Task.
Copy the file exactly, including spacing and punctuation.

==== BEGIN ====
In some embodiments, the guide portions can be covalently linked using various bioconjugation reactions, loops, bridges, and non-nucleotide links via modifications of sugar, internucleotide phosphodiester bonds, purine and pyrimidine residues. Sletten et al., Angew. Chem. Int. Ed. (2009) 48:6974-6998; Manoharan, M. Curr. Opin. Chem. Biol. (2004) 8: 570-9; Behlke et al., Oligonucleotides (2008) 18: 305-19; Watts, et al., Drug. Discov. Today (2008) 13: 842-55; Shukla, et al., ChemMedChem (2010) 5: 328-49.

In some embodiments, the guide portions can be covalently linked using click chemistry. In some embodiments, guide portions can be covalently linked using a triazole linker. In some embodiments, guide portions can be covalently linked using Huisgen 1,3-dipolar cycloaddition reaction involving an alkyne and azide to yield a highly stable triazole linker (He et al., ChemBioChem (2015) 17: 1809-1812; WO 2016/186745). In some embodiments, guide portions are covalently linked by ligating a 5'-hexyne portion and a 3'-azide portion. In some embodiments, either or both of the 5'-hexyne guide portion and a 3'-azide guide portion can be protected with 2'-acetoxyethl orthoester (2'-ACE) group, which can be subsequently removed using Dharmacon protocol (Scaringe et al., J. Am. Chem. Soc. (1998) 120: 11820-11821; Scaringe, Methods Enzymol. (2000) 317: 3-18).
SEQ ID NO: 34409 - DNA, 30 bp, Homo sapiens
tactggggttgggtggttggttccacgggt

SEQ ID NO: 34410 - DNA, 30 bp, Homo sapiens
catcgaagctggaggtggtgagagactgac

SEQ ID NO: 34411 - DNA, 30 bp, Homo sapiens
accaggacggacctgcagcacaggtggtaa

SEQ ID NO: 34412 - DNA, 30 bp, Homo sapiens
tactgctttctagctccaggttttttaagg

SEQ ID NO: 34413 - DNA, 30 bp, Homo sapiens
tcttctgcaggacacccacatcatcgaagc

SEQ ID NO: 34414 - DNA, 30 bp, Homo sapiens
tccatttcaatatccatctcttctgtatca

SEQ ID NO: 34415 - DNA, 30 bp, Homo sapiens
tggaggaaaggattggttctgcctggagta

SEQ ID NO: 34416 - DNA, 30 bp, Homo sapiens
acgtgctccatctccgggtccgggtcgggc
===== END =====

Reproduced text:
In some embodiments, the guide portions can be covalently linked using various bioconjugation reactions, loops, bridges, and non-nucleotide links via modifications of sugar, internucleotide phosphodiester bonds, purine and pyrimidine residues. Sletten et al., Angew. Chem. Int. Ed. (2009) 48:6974-6998; Manoharan, M. Curr. Opin. Chem. Biol. (2004) 8: 570-9; Behlke et al., Oligonucleotides (2008) 18: 305-19; Watts, et al., Drug. Discov. Today (2008) 13: 842-55; Shukla, et al., ChemMedChem (2010) 5: 328-49.

In some embodiments, the guide portions can be covalently linked using click chemistry. In some embodiments, guide portions can be covalently linked using a triazole linker. In some embodiments, guide portions can be covalently linked using Huisgen 1,3-dipolar cycloaddition reaction involving an alkyne and azide to yield a highly stable triazole linker (He et al., ChemBioChem (2015) 17: 1809-1812; WO 2016/186745). In some embodiments, guide portions are covalently linked by ligating a 5'-hexyne portion and a 3'-azide portion. In some embodiments, either or both of the 5'-hexyne guide portion and a 3'-azide guide portion can be protected with 2'-acetoxyethl orthoester (2'-ACE) group, which can be subsequently removed using Dharmacon protocol (Scaringe et al., J. Am. Chem. Soc. (1998) 120: 11820-11821; Scaringe, Methods Enzymol. (2000) 317: 3-18).
SEQ ID NO: 34409 - DNA, 30 bp, Homo sapiens
tactggggttgggtggttggttccacgggt

SEQ ID NO: 34410 - DNA, 30 bp, Homo sapiens
catcgaagctggaggtggtgagagactgac

SEQ ID NO: 34411 - DNA, 30 bp, Homo sapiens
accaggacggacctgcagcacaggtggtaa

SEQ ID NO: 34412 - DNA, 30 bp, Homo sapiens
tactgctttctagctccaggttttttaagg

SEQ ID NO: 34413 - DNA, 30 bp, Homo sapiens
tcttctgcaggacacccacatcatcgaagc

SEQ ID NO: 34414 - DNA, 30 bp, Homo sapiens
tccatttcaatatccatctcttctgtatca

SEQ ID NO: 34415 - DNA, 30 bp, Homo sapiens
tggaggaaaggattggttctgcctggagta

SEQ ID NO: 34416 - DNA, 30 bp, Homo sapiens
acgtgctccatctccgggtccgggtcgggc